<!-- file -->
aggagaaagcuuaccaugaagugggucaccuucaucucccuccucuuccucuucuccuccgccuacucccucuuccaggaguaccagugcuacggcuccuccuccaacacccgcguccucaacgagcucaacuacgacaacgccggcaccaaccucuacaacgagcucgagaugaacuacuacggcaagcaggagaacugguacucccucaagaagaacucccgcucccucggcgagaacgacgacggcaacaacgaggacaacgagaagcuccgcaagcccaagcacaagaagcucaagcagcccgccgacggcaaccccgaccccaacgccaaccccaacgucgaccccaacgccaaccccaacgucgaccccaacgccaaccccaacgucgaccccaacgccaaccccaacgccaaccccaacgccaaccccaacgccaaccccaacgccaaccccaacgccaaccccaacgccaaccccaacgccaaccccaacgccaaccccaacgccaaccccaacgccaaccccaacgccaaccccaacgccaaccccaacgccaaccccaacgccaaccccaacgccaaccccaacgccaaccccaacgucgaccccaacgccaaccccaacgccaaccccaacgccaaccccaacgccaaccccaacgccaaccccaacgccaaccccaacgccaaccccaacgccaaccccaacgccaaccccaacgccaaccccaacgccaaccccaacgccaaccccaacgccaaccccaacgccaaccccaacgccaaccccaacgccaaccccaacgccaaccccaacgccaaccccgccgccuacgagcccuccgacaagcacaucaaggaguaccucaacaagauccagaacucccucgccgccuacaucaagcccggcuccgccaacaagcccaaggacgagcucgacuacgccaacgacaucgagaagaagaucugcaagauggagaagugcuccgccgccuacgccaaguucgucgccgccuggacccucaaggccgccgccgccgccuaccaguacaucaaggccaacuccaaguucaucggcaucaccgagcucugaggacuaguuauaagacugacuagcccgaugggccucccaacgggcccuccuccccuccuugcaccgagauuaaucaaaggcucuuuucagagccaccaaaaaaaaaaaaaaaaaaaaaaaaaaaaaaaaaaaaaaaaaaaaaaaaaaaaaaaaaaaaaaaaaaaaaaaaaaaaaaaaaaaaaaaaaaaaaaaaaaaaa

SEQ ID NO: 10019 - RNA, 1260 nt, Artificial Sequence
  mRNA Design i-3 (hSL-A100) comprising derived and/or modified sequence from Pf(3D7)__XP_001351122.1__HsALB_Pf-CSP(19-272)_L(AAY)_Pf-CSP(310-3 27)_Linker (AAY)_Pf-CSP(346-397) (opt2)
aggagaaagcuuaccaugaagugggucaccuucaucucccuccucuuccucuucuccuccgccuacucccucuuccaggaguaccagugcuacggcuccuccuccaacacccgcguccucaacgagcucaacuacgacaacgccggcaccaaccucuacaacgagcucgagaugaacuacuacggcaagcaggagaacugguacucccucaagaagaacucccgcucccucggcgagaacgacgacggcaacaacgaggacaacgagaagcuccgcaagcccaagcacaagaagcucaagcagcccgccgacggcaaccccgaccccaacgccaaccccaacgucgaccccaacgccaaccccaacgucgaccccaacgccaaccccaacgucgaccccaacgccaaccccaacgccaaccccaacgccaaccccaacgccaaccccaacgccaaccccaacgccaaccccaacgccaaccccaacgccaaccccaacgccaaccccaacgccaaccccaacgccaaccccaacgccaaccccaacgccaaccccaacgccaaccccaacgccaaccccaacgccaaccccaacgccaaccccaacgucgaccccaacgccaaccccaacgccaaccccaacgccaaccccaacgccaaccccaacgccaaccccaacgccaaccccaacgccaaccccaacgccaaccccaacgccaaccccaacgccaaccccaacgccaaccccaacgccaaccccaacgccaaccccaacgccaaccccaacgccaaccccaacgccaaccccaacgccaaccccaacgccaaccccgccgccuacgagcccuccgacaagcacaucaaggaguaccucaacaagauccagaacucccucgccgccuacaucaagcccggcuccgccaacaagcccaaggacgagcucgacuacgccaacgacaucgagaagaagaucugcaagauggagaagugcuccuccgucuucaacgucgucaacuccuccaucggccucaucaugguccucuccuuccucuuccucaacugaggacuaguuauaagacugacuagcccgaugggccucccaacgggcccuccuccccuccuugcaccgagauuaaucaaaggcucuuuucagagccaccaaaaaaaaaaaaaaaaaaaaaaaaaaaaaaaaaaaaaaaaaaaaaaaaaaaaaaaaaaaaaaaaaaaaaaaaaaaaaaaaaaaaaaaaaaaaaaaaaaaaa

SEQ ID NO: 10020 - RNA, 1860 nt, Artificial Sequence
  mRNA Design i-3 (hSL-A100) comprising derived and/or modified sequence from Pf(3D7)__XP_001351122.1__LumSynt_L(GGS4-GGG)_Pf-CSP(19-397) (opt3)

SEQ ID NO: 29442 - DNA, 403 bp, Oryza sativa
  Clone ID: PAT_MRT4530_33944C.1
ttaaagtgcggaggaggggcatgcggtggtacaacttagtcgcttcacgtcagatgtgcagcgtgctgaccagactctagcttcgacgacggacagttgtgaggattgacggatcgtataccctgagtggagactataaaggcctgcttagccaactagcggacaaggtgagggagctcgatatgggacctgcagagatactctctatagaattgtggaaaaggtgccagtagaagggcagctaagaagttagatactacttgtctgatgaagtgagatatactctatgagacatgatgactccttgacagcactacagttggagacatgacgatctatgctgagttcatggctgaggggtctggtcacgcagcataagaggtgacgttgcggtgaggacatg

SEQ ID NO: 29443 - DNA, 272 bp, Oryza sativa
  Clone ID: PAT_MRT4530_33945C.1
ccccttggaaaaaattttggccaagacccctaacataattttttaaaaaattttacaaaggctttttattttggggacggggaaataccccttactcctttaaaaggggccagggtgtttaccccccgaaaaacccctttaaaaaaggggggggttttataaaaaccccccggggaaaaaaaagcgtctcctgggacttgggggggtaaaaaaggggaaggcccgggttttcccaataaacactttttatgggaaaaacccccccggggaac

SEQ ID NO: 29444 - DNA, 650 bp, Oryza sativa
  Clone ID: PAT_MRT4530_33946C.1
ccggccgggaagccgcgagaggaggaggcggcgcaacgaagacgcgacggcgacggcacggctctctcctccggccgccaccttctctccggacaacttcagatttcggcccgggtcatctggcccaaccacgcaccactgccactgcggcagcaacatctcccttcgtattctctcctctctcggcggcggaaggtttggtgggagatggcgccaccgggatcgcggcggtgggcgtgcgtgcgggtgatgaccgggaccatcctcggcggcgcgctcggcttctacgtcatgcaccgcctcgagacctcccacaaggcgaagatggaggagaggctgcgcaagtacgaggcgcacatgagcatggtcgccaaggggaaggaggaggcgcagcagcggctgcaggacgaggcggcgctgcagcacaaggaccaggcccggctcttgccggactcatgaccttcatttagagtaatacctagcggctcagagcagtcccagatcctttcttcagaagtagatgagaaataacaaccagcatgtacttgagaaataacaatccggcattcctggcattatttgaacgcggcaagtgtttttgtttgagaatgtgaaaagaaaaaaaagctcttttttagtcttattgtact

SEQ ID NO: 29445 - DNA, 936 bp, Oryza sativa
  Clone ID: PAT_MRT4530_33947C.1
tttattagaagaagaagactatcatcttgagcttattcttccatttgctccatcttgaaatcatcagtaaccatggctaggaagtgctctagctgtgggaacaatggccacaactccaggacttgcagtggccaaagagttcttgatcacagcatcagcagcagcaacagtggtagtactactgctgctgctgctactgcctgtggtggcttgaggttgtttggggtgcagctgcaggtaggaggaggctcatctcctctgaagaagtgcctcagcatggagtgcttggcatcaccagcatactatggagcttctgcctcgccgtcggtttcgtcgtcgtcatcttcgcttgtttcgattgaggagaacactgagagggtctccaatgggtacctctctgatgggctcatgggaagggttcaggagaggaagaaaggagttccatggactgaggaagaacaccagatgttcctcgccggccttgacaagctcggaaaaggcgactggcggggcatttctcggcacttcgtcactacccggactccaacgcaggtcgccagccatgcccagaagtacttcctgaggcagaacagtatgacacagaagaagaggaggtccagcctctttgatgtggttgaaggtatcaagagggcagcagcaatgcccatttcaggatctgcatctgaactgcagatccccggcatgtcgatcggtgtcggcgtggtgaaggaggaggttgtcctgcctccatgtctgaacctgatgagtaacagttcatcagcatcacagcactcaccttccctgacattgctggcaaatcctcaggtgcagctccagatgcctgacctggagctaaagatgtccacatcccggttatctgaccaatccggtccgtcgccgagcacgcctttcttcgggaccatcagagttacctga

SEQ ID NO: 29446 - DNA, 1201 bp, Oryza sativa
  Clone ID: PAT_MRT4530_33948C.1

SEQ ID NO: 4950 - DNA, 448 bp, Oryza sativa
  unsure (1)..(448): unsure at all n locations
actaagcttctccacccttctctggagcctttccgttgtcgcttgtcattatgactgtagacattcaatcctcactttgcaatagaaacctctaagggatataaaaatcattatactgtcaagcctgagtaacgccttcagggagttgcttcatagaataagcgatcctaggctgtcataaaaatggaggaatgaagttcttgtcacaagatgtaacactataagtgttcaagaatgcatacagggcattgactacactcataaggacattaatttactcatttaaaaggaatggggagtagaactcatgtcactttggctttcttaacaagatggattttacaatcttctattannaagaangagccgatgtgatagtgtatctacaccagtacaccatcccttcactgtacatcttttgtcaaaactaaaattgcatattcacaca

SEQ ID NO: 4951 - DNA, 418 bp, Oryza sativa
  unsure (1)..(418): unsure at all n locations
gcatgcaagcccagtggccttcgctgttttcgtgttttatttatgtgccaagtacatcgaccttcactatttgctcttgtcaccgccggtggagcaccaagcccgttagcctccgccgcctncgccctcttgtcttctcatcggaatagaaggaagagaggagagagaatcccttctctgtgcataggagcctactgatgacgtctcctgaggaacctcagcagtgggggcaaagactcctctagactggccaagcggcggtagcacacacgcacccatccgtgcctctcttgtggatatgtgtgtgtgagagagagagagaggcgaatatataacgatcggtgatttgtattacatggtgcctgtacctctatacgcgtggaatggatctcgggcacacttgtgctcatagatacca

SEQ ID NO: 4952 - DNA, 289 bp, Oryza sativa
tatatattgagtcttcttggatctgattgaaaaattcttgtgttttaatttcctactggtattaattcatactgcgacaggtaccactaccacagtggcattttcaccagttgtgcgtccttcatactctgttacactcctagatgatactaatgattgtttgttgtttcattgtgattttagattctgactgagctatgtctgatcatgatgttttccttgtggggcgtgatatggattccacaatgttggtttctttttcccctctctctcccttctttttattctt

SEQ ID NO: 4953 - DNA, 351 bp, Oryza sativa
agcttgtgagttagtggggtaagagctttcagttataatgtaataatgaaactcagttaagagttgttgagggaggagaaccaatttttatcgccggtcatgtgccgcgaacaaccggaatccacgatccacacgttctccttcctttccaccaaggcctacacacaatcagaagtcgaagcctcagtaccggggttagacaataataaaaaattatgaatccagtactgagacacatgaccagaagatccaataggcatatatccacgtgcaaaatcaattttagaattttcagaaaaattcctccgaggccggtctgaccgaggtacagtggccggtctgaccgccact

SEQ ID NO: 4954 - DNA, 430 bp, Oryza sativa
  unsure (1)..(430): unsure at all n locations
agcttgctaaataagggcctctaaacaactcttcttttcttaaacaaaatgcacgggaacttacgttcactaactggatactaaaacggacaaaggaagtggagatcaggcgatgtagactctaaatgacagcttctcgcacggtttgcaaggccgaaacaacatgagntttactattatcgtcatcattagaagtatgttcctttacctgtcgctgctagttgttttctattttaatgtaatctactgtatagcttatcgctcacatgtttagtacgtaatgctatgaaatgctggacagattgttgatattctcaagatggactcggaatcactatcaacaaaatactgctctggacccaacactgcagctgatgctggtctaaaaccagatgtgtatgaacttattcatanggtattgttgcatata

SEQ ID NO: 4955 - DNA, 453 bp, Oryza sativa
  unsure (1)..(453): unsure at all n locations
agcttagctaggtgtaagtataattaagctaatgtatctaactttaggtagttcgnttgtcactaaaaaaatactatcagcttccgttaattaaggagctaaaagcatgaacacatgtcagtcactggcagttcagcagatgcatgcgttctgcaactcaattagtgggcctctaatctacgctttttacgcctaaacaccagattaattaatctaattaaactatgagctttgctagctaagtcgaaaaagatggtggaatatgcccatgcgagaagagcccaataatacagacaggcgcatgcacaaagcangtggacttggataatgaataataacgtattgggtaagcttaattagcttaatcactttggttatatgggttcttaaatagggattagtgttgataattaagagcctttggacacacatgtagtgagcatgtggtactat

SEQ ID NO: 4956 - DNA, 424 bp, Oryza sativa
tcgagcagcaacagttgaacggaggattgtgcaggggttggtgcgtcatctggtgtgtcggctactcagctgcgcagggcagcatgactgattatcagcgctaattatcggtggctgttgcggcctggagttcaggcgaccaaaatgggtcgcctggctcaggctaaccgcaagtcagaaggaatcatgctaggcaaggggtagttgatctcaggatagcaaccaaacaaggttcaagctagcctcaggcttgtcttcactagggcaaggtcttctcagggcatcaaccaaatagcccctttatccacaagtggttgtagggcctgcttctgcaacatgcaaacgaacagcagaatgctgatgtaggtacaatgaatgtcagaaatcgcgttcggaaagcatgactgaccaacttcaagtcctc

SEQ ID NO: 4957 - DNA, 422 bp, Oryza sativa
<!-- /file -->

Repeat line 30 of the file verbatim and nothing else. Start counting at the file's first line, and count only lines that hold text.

agcttgtgagttagtggggtaagagctttcagttataatgtaataatgaaactcagttaagagttgttgagggaggagaaccaatttttatcgccggtcatgtgccgcgaacaaccggaatccacgatccacacgttctccttcctttccaccaaggcctacacacaatcagaagtcgaagcctcagtaccggggttagacaataataaaaaattatgaatccagtactgagacacatgaccagaagatccaataggcatatatccacgtgcaaaatcaattttagaattttcagaaaaattcctccgaggccggtctgaccgaggtacagtggccggtctgaccgccact